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  • Writer's pictureSheri McGuinn


Updated: Dec 14, 2020

In 2011 I visited Derry in Northern Ireland. I wasn’t writing this blog yet, but I was keeping notes.

As we approached Derry, our guide gave us historical information about the 1916 Rebellion through the Civil War and into the Troubles that started back up in the 1960’s and continued until the Peace Treaty 1998, during which time it was essentially a war zone. Most of Northern Ireland is 70% Protestant, 25% Catholic, and 5% other religions, but Derry reverses the first two statistics – most people are Catholic. Back then, people had to own property to be eligible to vote. The Protestants controlled the property and businesses, so most Catholics did not have the right to vote. Therefore, while Derry was mostly Catholic, Protestants controlled the government as well as business. So it wasn’t just religious differences but also the subsequent economic and political inequities that led to the Troubles. Our guide in Derry, Ronan McNamara, talks about that at the beginning of this YouTube:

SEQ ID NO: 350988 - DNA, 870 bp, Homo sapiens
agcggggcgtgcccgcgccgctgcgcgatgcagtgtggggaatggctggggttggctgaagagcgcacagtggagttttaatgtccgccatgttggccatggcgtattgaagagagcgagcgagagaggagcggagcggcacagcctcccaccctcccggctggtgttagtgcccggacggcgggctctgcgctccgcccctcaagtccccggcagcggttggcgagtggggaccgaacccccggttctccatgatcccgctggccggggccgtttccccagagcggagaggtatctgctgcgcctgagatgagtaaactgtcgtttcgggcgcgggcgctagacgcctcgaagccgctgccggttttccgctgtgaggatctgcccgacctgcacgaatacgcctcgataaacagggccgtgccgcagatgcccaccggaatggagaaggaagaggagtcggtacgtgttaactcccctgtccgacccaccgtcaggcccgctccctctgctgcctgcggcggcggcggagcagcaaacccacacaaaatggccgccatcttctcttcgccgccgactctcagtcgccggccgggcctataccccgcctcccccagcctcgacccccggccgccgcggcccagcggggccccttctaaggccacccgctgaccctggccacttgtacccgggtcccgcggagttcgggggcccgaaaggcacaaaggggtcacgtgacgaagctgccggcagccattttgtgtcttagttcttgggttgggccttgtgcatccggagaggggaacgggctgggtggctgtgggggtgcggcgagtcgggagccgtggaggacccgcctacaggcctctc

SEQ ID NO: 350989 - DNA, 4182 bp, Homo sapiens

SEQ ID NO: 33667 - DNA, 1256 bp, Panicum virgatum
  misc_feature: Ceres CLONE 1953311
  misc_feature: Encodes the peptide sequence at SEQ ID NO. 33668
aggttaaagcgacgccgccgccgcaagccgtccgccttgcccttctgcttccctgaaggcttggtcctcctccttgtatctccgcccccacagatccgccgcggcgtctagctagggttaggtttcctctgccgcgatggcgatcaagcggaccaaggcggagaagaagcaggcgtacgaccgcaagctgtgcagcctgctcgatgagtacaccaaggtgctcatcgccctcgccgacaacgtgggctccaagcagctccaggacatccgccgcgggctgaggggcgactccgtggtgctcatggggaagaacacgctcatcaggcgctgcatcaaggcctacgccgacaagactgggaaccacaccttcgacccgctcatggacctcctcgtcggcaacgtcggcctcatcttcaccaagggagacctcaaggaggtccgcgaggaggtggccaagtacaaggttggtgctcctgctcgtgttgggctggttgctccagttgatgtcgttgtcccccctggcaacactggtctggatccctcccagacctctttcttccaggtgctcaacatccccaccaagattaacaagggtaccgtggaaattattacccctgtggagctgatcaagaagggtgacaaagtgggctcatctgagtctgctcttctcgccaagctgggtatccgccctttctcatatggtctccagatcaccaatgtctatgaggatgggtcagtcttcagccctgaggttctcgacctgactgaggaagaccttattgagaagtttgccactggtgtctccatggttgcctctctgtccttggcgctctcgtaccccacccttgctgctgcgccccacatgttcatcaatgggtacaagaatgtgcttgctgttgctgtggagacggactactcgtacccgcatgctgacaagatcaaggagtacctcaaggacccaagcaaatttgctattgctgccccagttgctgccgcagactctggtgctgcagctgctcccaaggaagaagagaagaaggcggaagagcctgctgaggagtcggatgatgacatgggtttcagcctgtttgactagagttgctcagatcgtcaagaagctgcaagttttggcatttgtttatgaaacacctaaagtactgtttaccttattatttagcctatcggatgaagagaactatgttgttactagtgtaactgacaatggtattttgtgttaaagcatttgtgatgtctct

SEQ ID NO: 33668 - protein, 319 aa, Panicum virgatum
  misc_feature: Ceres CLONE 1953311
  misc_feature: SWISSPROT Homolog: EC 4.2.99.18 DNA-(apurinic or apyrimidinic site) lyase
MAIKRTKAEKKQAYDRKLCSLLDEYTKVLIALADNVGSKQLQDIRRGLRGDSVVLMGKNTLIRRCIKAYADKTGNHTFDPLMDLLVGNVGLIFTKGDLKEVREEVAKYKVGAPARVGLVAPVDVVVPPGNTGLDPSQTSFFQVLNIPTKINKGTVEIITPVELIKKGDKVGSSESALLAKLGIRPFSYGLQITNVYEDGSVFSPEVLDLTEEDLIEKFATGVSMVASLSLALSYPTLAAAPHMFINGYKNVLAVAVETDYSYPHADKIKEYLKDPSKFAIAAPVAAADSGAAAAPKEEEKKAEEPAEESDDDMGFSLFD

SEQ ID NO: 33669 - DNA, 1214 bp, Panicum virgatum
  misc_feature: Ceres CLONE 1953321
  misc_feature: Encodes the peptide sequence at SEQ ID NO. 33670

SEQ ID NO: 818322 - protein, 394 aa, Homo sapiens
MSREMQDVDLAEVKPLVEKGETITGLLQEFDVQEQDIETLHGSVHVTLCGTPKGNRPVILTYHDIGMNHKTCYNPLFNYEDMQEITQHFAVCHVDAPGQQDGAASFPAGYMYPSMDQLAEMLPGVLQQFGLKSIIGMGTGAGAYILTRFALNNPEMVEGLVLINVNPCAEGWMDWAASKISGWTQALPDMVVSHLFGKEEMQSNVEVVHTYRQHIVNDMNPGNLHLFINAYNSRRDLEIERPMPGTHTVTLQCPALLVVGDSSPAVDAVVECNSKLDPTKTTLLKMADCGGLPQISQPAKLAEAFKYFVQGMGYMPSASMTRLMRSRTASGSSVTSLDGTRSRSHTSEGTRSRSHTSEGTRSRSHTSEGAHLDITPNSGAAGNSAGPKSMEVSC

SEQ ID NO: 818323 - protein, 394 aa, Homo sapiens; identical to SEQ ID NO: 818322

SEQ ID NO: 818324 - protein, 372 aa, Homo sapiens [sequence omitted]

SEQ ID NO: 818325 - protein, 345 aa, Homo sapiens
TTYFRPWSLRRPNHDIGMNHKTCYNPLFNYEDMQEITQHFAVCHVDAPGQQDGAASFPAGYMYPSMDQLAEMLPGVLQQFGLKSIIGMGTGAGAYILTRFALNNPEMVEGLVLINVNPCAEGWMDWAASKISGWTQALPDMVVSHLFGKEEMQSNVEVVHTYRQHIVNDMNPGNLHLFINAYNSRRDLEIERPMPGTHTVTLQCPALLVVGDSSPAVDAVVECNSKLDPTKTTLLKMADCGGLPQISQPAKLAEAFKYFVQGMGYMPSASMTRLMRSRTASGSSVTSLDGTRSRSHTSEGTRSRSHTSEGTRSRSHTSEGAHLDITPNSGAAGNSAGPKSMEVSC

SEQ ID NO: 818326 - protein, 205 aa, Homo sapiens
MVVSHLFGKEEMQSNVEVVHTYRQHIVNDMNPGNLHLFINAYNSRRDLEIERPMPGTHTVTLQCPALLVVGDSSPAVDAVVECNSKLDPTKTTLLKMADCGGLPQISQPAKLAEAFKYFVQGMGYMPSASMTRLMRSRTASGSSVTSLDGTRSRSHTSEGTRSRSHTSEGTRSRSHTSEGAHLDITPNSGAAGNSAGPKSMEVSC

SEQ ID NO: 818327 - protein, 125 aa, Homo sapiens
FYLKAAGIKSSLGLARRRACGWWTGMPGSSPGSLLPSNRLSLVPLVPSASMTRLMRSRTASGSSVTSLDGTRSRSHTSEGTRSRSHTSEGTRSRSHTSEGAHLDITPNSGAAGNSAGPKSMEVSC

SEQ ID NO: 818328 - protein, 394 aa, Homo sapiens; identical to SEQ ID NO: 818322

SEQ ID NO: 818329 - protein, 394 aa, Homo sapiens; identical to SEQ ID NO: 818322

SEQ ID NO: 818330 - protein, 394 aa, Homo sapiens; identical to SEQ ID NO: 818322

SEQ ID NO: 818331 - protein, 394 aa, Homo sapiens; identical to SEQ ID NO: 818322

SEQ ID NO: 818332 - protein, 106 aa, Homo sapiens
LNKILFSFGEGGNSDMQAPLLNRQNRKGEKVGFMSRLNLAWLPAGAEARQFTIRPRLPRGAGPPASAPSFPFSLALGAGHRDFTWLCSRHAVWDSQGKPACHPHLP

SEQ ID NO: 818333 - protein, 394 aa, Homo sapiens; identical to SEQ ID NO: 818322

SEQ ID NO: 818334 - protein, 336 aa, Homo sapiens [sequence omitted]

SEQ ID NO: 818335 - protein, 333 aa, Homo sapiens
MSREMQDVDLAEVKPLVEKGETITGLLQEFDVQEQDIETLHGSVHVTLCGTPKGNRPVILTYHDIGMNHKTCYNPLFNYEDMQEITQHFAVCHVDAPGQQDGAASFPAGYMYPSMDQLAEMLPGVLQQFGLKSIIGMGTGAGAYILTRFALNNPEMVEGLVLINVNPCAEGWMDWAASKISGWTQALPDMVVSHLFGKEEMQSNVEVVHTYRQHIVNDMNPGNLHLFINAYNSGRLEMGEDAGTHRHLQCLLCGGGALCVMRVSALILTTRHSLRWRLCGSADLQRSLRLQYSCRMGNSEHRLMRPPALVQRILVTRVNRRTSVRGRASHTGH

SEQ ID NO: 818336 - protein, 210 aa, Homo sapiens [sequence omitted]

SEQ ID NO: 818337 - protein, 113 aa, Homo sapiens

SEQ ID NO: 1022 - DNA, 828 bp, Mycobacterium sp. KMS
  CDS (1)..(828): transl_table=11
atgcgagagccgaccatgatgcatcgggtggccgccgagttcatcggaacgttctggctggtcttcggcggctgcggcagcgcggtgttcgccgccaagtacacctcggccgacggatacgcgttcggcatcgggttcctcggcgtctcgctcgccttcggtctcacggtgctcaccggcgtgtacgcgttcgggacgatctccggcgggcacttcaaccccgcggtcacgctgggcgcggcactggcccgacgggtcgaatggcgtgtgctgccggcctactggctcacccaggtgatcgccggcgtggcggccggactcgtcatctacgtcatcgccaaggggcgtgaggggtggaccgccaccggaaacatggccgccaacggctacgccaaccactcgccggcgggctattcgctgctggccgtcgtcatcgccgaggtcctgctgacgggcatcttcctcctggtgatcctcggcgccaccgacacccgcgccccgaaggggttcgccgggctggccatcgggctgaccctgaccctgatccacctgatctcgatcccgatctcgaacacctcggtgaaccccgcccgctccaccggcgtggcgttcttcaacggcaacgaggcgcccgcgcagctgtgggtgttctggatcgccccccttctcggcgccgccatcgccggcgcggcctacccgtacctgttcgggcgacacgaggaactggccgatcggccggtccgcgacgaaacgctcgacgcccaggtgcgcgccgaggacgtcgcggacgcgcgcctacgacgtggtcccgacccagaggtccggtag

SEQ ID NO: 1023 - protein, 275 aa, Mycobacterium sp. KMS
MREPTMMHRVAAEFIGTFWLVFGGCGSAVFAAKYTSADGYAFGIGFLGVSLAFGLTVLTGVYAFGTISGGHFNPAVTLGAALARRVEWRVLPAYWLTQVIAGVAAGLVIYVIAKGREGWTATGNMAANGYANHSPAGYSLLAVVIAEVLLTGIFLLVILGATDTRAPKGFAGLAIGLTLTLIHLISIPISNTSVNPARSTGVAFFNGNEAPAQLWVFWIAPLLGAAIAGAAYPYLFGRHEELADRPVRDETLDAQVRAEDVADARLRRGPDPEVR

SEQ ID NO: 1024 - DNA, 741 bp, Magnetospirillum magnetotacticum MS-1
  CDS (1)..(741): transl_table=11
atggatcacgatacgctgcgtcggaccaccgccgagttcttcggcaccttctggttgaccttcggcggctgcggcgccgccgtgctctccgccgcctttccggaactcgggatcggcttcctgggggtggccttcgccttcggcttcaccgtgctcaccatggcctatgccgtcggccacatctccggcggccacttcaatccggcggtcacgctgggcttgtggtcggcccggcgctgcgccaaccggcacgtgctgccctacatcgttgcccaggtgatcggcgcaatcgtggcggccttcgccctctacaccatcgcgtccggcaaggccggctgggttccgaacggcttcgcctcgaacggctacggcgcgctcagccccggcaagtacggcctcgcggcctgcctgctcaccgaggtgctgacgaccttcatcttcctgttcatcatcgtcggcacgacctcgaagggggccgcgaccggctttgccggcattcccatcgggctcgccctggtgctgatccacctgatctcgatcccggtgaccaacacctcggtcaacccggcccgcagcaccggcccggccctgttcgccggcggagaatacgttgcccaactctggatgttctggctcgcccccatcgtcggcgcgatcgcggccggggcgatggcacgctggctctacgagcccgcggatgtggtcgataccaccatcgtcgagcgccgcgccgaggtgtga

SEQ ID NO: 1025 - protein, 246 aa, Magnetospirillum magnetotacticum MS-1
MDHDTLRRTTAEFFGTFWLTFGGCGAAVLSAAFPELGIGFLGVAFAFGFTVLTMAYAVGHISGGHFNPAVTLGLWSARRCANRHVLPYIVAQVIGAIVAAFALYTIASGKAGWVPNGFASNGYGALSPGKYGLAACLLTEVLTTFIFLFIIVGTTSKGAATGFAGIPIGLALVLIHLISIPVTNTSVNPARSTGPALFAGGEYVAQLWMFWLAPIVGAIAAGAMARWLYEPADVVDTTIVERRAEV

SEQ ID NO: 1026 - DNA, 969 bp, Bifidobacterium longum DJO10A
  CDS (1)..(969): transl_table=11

By the way, when he first got on our bus, Ronan addressed his appearance immediately: his mother is a Chinese Buddhist, his father is Irish. He was brought up in Derry during the Troubles and did his best to stay out of conflict. He now has children and is happy that they do not hear gunfire or bombs. He was also excited that tourists are returning to Northern Ireland and making his work as a guide possible.


Ronan explained that most people were just trying to live their lives through the Troubles, but the violence was all around them. Historically, Derry was a walled city and despite the Troubles, much of the wall and many of the gates are intact. Now the city is investing in its heritage and its future – this started even before the Peace Treaty of 1998.


In 1992 Catholic and Protestant teens built The Craft Village together, paid by the Inner City Trust.

The Peace Bridge celebrates that Treaty and all over you'll see construction projects.

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